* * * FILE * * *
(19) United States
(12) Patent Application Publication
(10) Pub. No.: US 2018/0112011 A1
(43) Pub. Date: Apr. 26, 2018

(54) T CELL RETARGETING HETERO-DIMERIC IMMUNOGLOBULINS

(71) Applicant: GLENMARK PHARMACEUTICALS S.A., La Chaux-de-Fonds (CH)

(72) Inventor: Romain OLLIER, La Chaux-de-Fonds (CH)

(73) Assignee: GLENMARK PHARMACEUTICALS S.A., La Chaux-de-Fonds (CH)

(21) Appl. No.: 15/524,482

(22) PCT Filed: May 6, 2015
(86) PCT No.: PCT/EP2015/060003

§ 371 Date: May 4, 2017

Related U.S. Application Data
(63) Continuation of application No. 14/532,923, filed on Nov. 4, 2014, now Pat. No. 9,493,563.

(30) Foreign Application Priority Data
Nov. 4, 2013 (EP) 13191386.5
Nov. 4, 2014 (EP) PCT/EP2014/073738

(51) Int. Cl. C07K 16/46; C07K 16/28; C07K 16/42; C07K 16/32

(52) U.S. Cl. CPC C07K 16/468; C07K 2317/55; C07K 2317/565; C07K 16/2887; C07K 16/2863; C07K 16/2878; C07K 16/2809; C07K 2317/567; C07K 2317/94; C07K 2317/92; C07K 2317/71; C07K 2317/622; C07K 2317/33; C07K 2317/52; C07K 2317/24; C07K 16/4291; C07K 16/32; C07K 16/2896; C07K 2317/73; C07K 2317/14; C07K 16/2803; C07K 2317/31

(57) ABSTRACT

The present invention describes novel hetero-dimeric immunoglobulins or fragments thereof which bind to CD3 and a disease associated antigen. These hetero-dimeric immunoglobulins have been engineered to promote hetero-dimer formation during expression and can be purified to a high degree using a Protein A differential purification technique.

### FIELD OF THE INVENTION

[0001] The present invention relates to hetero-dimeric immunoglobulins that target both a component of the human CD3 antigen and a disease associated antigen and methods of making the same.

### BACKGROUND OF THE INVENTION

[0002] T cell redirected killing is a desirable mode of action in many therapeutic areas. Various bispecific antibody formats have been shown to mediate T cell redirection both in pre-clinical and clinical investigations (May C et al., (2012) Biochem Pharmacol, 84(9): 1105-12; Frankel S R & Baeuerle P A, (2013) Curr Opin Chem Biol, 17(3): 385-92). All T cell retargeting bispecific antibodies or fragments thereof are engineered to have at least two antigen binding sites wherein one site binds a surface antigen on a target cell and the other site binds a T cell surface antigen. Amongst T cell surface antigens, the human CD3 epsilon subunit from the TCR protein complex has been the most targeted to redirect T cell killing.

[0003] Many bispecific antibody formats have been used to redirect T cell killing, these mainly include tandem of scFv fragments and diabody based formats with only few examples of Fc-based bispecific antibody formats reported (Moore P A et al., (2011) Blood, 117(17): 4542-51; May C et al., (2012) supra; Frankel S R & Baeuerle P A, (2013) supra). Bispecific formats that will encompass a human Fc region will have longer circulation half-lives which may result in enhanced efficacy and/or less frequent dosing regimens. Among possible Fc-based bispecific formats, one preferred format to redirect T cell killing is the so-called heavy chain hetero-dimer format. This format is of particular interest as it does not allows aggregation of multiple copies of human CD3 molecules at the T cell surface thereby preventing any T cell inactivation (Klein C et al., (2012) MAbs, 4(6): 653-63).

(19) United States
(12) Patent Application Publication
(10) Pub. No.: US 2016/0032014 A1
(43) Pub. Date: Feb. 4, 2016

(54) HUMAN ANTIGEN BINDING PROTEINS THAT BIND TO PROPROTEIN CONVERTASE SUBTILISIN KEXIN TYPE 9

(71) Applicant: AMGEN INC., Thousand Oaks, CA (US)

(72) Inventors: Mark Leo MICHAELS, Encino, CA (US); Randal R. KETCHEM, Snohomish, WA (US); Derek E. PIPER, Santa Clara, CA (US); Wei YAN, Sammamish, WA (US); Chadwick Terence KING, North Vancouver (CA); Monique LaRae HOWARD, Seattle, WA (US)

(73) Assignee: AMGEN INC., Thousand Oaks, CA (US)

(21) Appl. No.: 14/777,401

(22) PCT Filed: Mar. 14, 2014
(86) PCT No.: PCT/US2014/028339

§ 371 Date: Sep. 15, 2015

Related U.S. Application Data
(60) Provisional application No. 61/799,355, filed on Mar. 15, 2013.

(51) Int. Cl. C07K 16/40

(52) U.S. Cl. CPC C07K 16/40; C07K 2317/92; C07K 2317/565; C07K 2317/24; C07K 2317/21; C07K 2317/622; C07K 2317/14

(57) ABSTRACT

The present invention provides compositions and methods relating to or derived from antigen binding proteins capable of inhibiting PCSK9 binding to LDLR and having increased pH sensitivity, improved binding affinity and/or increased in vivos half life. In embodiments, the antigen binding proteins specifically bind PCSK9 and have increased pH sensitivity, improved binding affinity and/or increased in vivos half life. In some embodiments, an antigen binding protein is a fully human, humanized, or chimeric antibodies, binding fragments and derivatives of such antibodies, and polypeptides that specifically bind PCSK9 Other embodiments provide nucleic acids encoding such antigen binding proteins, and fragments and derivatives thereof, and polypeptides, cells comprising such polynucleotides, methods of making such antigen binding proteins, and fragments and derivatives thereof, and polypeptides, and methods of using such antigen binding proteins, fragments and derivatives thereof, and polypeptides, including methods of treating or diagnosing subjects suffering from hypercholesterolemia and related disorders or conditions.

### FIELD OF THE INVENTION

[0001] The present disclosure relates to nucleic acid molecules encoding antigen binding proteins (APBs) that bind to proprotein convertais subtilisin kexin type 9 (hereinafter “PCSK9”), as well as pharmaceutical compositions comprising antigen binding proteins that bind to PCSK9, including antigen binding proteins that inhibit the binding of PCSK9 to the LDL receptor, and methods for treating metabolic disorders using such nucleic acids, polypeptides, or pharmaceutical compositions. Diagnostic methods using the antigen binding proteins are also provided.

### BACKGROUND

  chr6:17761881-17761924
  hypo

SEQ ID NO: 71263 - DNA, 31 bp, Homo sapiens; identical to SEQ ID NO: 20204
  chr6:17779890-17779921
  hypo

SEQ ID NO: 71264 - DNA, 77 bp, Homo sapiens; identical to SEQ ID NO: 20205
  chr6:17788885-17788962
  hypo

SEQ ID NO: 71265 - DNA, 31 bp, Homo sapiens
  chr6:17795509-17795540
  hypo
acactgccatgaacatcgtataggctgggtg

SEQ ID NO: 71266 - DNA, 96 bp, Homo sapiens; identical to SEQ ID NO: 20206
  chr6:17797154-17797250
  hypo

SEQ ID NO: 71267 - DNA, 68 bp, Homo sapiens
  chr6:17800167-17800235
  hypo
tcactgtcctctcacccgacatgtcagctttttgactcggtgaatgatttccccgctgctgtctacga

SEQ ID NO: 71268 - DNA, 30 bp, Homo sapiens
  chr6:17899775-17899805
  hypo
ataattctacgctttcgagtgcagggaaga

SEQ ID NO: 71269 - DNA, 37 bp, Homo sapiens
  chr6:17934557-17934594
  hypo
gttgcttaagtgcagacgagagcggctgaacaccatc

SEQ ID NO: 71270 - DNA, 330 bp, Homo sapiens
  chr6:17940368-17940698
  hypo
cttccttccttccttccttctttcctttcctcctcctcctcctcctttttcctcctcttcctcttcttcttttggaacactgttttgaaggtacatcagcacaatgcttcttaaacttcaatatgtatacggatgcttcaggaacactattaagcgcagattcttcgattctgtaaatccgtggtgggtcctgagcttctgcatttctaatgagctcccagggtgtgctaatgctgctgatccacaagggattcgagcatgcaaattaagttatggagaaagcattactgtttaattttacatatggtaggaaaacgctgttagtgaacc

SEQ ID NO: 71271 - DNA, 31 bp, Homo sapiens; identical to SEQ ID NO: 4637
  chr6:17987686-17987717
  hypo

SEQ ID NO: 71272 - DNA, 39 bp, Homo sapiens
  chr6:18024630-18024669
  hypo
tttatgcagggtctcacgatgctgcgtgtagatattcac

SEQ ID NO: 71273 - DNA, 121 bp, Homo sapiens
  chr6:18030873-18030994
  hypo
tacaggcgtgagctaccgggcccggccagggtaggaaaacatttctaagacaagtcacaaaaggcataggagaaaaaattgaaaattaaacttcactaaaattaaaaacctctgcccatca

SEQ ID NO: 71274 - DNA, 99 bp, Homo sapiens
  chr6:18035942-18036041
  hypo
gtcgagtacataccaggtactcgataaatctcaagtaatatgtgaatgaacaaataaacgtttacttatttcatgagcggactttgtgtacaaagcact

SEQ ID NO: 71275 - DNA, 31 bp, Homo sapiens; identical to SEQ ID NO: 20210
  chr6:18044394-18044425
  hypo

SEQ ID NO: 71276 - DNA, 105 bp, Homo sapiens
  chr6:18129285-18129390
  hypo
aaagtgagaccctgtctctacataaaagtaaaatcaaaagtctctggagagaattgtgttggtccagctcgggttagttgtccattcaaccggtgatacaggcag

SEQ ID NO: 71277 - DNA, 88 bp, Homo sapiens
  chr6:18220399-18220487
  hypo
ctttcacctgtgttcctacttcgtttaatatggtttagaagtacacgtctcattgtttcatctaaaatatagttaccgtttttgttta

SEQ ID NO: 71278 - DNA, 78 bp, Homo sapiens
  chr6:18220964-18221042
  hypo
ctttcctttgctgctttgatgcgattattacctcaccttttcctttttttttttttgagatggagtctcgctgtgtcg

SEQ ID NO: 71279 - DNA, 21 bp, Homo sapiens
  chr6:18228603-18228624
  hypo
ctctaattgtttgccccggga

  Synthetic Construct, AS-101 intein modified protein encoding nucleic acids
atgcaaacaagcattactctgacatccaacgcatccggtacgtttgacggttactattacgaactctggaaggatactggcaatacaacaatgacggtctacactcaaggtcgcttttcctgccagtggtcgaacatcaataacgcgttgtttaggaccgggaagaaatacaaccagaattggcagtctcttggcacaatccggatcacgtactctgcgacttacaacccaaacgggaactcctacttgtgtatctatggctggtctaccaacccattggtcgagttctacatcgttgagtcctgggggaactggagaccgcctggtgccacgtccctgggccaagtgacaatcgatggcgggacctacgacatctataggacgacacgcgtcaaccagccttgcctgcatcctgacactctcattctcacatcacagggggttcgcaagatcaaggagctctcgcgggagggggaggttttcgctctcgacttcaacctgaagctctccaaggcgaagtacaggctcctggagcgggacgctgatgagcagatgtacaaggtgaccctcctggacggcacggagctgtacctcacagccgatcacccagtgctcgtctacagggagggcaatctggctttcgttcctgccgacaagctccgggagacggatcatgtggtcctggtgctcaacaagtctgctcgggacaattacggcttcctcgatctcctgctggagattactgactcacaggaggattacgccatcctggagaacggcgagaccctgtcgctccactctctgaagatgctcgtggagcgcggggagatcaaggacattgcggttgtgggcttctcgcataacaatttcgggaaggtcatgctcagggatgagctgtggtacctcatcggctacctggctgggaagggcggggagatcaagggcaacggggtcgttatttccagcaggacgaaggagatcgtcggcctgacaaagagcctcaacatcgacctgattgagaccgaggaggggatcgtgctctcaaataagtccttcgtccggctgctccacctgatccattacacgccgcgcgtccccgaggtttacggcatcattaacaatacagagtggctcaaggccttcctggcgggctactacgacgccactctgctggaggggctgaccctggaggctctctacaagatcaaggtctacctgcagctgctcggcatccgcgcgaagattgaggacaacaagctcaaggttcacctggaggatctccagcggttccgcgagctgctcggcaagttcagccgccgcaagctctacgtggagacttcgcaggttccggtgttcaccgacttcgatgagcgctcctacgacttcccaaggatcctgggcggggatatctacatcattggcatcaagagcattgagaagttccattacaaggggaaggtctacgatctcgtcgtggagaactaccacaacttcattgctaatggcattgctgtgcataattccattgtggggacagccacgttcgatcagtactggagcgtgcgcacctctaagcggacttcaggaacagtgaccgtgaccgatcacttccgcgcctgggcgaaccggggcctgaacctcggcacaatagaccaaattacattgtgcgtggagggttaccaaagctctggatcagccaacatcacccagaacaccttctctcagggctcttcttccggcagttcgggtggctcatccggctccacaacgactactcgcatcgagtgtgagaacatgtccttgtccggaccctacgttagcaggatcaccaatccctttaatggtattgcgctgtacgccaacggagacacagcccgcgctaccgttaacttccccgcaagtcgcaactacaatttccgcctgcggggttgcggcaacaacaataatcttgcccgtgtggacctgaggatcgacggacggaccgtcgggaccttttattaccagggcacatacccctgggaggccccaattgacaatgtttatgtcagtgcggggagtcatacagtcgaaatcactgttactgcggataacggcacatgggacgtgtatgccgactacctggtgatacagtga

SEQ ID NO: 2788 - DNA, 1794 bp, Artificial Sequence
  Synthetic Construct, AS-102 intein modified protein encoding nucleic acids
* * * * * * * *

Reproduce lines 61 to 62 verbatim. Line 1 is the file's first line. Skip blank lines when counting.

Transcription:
  chr6:17797154-17797250
  hypo